Yesterday I went to buy fruit at my local market. Picking out some nice peaches, I noticed that the cherry boxes were empty. So I walked over to a man in a white shirt, who was feverishly stacking lettuce, and asked about the cherries. He had on a nametag that read "Stan."
When you rank problems
according to total cost,
think short term
and long term"I'll go look, be right back, sir," he said, and disappeared through the swinging doors at the back of the store. Stan is always helpful.
Meanwhile I went looking for grapes. They were low, too, as were the nectarines. Unusual, I thought. I moved on, and got lost in thought picking out sweet corn.
A few minutes later, Stan returned and called to me: "Got the cherries, sir."
"Thanks, Stan," I said, as I met him at the cherries. "A little behind today, eh?" I asked.
"Yeah, the morning guy no-showed, and I just can't catch up."
As we chatted, a woman approached and asked about the grapes.
"I'll go look, be right back, ma'am," he said to her, and left again through the swinging doors.
Now I understood: Stan was behind because he had been spending too much time with singleton service requests, and not enough time on catching up. I didn't blame him — he was probably following instructions — but it's a heck of a way to run a produce department.
And that's how many of us deal with similar situations. When we're flooded with problems, and the rowboat is taking on water, we tend to bail with buckets rather than take time out to plug the leaks. Here are some tips for dealing with floods of problems.
- Understand present value
- Rank problems according to total cost — the short-term cost plus the present value of the long-term cost. Giving too much weight to short-term cost can keep you from finding a more effective approach. In the produce department, making a single trip to deal with several stockouts at once could have helped Stan catch up.
- Manage the escalation process
- Why are you flooded? Are problems coming to you when they ought to be dealt with elsewhere? Monitor escalations to ensure that they happen only when they should.
- Detect before affect
- Measure the incidence, resolution, and escalation rates at all levels that deal with problem triage. This alerts everyone in the escalation chain as a pulse of problems moves along. It helps them plan, and prevents the false starts that happen when they have to drop one problem to solve another.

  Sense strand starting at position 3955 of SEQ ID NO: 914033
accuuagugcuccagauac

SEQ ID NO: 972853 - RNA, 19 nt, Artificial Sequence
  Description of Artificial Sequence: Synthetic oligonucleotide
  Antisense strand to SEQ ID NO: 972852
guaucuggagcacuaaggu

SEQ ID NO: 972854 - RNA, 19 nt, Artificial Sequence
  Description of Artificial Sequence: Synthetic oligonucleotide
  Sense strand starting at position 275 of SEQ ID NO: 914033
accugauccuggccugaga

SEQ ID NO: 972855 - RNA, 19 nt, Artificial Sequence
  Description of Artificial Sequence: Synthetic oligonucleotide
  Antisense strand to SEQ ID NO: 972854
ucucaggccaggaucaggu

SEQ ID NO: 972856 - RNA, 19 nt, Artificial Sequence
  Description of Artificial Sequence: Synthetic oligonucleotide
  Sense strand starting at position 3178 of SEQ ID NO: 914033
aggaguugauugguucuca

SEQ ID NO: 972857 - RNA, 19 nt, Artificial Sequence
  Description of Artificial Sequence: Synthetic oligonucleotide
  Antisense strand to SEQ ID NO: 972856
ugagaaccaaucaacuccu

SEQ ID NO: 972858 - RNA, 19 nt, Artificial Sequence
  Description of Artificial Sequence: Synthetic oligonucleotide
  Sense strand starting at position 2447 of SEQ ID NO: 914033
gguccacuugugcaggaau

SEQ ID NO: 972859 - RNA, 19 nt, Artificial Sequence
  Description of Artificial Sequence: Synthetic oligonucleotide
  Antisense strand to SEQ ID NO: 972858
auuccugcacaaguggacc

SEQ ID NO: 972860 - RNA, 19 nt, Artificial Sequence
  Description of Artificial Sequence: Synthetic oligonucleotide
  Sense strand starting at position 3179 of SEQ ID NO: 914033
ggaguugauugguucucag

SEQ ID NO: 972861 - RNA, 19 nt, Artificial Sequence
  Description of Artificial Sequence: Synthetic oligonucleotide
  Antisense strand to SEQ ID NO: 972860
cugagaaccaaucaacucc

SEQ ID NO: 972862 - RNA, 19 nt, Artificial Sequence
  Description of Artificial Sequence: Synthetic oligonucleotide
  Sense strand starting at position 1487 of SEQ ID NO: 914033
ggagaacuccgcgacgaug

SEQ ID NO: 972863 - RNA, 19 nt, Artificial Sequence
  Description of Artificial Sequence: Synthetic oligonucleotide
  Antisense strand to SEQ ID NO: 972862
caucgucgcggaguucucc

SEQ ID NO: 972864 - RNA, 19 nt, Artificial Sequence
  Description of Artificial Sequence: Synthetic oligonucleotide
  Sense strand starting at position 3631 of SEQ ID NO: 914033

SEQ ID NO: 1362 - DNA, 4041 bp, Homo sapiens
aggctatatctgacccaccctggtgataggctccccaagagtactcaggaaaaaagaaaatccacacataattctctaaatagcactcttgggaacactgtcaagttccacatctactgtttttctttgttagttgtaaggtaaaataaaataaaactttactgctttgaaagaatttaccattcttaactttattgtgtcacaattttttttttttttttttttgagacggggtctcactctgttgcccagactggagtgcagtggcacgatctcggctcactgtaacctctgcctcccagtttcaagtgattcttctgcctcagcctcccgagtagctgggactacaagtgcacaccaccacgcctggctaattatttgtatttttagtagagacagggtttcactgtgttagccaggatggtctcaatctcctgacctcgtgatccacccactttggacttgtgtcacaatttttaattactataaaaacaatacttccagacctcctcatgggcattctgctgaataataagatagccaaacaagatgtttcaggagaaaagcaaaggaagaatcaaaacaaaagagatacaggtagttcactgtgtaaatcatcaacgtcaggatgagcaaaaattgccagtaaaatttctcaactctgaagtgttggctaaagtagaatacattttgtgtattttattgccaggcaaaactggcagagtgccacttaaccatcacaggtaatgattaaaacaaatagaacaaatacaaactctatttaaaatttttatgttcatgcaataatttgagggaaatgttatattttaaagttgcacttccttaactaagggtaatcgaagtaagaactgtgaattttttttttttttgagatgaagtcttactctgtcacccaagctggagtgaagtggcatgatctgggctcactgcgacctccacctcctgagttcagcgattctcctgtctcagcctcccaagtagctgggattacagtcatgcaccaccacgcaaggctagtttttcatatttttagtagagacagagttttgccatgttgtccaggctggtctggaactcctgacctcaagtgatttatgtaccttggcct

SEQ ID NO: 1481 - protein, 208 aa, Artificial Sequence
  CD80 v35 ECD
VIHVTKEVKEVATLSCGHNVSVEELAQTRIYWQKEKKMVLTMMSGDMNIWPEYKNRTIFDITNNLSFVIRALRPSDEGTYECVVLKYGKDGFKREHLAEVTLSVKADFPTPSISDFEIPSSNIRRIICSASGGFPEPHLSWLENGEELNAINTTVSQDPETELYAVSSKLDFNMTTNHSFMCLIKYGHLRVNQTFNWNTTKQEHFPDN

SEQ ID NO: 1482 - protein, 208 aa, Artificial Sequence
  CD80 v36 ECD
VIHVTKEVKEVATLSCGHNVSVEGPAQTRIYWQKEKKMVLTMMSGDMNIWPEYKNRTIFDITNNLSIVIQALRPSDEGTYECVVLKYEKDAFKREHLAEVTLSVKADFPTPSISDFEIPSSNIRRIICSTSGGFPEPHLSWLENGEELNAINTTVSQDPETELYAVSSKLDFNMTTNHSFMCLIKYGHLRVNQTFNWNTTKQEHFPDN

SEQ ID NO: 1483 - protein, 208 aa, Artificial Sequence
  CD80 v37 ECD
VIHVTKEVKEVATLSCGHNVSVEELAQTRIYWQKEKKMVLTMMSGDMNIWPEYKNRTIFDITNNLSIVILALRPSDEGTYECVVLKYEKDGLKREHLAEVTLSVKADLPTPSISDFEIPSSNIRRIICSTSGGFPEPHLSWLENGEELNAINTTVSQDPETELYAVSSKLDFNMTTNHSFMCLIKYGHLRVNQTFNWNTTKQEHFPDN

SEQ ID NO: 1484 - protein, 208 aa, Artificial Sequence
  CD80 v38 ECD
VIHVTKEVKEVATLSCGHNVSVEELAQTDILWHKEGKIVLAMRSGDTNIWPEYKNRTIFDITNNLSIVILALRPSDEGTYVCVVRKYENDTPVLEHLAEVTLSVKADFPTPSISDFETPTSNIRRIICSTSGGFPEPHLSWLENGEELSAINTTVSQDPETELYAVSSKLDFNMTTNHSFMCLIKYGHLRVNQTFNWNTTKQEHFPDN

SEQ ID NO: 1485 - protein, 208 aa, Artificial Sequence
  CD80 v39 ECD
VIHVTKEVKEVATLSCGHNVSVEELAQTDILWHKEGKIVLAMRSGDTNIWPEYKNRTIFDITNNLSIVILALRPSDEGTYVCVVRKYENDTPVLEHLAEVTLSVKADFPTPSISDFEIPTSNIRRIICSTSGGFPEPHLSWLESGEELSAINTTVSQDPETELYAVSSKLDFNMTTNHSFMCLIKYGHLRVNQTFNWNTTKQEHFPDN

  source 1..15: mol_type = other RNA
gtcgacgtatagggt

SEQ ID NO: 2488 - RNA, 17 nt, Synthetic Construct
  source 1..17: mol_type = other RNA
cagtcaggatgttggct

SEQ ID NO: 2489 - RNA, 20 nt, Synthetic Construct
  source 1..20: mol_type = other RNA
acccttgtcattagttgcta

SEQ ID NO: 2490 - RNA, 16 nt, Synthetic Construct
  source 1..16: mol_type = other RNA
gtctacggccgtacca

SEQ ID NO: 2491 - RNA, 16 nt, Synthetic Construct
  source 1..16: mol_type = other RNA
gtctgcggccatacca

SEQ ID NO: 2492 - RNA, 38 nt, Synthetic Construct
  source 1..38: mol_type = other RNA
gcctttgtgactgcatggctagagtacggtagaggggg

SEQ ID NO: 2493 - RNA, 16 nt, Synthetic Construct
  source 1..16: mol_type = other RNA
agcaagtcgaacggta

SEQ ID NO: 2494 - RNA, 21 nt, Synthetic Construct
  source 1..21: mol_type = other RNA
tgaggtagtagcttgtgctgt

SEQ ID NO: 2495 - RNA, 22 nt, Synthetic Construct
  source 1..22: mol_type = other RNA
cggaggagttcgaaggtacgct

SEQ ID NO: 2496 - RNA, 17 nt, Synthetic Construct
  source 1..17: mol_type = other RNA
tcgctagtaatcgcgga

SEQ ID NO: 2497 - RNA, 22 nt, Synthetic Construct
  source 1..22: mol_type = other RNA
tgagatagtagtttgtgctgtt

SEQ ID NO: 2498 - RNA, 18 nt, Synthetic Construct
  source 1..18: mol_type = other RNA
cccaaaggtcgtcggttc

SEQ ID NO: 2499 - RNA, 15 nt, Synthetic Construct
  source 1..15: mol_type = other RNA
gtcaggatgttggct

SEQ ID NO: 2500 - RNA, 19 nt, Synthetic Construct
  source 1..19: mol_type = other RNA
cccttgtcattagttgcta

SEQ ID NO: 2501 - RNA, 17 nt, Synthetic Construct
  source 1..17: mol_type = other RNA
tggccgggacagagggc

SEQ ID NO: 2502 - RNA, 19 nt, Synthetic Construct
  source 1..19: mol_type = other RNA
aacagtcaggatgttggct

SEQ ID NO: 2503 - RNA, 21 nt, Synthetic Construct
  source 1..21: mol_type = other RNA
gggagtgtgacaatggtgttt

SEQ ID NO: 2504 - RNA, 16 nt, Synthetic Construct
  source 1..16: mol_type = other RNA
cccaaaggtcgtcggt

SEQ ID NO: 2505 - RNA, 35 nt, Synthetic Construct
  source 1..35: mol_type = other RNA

Sometimes the feeling of being flooded is a problem in itself, because we can't think clearly under pressure. Accept that in a flood, you're bound to get a little wet, and focus on clearing the flood as best you can. Top Next Issue
The article you've been reading is an archived issue of Point Lookout, my weekly newsletter. I've been publishing it since January, 2001, free to all subscribers, over the Web, and via RSS. You can help keep it free by donating either as an individual or as an organization. You'll receive in return my sincere thanks — and the comfort of knowing that you've helped to propagate insights and perspectives that can help make our workplaces a little more human-friendly. More
Your comments are welcomeWould you like to see your comments posted here? rbrenXhPPNcVIEMqVRJEiner@ChacuHjSLROcxaYAgusuoCanyon.comSend me your comments by email, or by Web form.
About Point Lookout
Thank you for reading this article. I hope you enjoyed it and found it useful, and that you'll consider recommending it to a friend.
Support Point Lookout by joining the Friends of Point Lookout, as an individual or as an organization.
Do you face a complex interpersonal situation? Send it in, anonymously if you like, and I'll give you my two cents.
More articles on Personal, Team, and Organizational Effectiveness:
- Pygmalion Side Effects: Bowling a Strike
- Elise slowly walked back to her office, beaten. Her supervisor, Alton, had just given Elise her performance
review — her third consecutive "meets expectations." No point now to her strategy of
giving 120% to turn it all around. She is living a part of the Pygmalion Effect, and she's about to
experience the Pygmalion Side Effects.
- How to Make Meetings Worth Attending
- Many of us spend seemingly endless hours in meetings that seem dull, ineffective, or even counterproductive.
Here are some insights to keep in mind that might help make meetings more worthwhile — and maybe
- Virtual Communications: III
- Participating in or managing a virtual team presents special communications challenges. Here's Part